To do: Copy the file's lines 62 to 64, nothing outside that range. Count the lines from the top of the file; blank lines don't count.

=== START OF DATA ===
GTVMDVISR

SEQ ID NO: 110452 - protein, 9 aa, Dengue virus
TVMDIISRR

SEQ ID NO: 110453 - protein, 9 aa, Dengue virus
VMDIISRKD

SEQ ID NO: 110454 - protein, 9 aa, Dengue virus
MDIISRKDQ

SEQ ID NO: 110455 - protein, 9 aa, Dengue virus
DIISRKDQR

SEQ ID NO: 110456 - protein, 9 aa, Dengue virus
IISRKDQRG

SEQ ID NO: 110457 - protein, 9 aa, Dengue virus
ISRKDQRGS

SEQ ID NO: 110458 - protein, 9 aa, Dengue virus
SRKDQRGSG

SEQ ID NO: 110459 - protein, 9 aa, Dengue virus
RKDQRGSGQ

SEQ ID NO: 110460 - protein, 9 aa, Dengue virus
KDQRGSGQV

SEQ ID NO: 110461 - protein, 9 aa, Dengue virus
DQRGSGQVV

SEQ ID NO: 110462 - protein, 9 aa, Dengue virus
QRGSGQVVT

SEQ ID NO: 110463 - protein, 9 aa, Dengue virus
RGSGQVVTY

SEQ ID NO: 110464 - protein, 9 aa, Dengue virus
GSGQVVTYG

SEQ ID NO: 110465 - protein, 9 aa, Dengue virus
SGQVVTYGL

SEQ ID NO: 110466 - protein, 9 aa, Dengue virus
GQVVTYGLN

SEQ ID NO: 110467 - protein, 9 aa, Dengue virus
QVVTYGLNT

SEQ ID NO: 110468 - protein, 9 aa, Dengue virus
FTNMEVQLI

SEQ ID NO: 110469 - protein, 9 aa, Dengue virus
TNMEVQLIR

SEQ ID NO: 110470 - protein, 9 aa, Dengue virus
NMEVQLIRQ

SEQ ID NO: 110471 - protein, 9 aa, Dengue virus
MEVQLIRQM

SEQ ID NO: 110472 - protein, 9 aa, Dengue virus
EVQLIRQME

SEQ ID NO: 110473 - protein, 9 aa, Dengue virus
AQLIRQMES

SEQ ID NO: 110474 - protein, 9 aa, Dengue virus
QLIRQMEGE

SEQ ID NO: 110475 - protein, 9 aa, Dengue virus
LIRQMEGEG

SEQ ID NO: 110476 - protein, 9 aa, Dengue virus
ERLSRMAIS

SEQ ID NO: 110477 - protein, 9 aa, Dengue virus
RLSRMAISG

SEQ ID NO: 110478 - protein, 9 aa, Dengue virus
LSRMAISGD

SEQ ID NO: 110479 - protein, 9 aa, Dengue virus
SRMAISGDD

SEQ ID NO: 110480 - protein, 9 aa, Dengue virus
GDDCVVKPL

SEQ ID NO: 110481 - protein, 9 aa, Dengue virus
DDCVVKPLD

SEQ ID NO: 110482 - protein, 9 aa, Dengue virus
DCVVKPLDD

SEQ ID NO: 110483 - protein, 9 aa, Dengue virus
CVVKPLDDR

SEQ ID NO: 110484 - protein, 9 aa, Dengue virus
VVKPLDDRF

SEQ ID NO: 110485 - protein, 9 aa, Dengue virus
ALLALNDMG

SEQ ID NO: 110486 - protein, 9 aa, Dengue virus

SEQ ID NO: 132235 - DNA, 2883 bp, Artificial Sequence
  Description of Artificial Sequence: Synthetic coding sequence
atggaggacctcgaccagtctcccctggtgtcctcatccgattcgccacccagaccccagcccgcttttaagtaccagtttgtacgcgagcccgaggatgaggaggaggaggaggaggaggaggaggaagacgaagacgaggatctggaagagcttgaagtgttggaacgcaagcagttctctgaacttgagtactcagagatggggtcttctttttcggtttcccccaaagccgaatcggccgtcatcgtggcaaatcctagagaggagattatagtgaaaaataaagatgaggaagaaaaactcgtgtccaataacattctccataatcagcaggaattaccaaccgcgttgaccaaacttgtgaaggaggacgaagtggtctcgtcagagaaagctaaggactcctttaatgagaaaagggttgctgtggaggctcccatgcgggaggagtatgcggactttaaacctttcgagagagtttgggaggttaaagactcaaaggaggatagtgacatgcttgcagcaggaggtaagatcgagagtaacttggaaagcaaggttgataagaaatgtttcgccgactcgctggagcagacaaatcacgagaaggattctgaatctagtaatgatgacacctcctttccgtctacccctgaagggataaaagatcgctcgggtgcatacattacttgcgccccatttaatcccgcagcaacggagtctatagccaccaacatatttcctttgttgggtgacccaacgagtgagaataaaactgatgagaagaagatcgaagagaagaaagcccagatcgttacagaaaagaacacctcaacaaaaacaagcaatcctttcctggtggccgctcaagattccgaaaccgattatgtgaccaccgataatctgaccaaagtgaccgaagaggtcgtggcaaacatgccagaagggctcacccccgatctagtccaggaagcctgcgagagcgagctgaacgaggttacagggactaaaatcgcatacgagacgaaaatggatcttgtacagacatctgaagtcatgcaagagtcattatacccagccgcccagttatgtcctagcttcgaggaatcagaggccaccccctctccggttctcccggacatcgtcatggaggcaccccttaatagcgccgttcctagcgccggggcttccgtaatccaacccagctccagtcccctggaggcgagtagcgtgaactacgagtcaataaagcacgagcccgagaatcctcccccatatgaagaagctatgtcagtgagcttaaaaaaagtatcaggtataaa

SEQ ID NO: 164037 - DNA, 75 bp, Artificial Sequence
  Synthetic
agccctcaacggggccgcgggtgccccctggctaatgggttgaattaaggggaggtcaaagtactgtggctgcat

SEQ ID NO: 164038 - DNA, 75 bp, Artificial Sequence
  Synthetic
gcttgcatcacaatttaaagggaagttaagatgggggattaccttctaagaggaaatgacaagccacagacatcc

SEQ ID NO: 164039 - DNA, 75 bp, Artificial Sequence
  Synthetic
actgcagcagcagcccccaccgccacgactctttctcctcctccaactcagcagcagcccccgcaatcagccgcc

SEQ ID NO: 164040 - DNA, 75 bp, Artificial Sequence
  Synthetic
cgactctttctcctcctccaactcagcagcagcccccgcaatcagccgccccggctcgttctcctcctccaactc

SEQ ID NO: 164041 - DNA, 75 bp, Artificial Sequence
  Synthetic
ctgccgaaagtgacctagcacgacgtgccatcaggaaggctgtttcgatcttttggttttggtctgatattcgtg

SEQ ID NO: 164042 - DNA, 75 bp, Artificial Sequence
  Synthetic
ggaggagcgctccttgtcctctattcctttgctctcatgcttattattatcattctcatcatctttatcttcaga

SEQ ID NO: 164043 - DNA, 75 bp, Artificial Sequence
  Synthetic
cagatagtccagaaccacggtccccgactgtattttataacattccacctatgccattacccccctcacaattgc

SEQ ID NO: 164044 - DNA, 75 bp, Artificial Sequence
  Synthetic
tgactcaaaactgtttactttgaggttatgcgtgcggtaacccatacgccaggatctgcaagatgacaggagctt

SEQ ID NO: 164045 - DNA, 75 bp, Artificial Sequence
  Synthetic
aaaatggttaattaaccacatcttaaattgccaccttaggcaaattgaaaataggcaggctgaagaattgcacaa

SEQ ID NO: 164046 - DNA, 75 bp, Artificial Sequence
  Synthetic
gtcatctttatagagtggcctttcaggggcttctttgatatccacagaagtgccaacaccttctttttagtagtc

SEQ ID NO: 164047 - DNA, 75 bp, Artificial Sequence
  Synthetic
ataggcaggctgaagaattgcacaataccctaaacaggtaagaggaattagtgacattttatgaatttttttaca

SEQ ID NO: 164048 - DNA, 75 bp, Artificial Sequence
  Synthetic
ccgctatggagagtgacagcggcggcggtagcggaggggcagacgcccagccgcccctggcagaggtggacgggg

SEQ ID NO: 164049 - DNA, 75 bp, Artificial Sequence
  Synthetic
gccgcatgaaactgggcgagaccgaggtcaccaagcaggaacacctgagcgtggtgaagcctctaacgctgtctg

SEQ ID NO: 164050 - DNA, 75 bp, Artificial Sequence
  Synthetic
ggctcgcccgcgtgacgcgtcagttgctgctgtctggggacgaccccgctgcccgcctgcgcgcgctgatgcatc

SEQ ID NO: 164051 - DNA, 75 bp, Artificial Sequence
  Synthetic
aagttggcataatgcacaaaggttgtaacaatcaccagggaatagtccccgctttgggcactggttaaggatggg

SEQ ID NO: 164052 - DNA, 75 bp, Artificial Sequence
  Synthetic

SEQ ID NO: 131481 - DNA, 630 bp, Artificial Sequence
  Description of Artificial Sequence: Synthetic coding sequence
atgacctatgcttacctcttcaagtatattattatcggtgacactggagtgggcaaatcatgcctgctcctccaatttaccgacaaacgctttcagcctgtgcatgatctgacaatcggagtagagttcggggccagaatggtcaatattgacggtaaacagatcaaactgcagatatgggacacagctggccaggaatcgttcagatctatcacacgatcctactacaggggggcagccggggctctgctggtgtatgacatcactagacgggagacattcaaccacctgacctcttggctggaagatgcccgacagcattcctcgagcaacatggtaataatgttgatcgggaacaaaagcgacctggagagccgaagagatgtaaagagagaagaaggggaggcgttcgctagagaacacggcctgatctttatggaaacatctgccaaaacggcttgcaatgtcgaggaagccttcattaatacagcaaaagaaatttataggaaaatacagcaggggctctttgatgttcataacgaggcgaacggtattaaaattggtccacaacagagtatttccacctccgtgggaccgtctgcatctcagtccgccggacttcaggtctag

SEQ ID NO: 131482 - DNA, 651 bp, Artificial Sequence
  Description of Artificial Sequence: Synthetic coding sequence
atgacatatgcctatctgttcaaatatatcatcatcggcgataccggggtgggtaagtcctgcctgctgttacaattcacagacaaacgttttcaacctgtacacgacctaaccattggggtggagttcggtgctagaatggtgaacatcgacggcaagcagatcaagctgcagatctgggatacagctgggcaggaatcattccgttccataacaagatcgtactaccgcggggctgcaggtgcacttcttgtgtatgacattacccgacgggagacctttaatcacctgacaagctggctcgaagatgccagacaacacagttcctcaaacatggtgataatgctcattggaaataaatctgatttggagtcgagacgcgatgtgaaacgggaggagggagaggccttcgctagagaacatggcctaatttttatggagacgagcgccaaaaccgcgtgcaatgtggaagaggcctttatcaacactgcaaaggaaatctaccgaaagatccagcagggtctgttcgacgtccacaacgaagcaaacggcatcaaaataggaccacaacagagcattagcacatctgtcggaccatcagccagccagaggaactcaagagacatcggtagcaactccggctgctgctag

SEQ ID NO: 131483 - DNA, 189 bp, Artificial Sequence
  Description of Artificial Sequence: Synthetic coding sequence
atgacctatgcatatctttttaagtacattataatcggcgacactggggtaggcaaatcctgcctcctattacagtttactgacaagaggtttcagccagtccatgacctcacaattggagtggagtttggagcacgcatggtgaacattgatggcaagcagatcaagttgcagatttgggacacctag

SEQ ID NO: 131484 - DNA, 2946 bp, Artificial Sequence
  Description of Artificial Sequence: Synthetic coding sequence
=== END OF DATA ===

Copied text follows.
SEQ ID NO: 110482 - protein, 9 aa, Dengue virus
DCVVKPLDD

SEQ ID NO: 110483 - protein, 9 aa, Dengue virus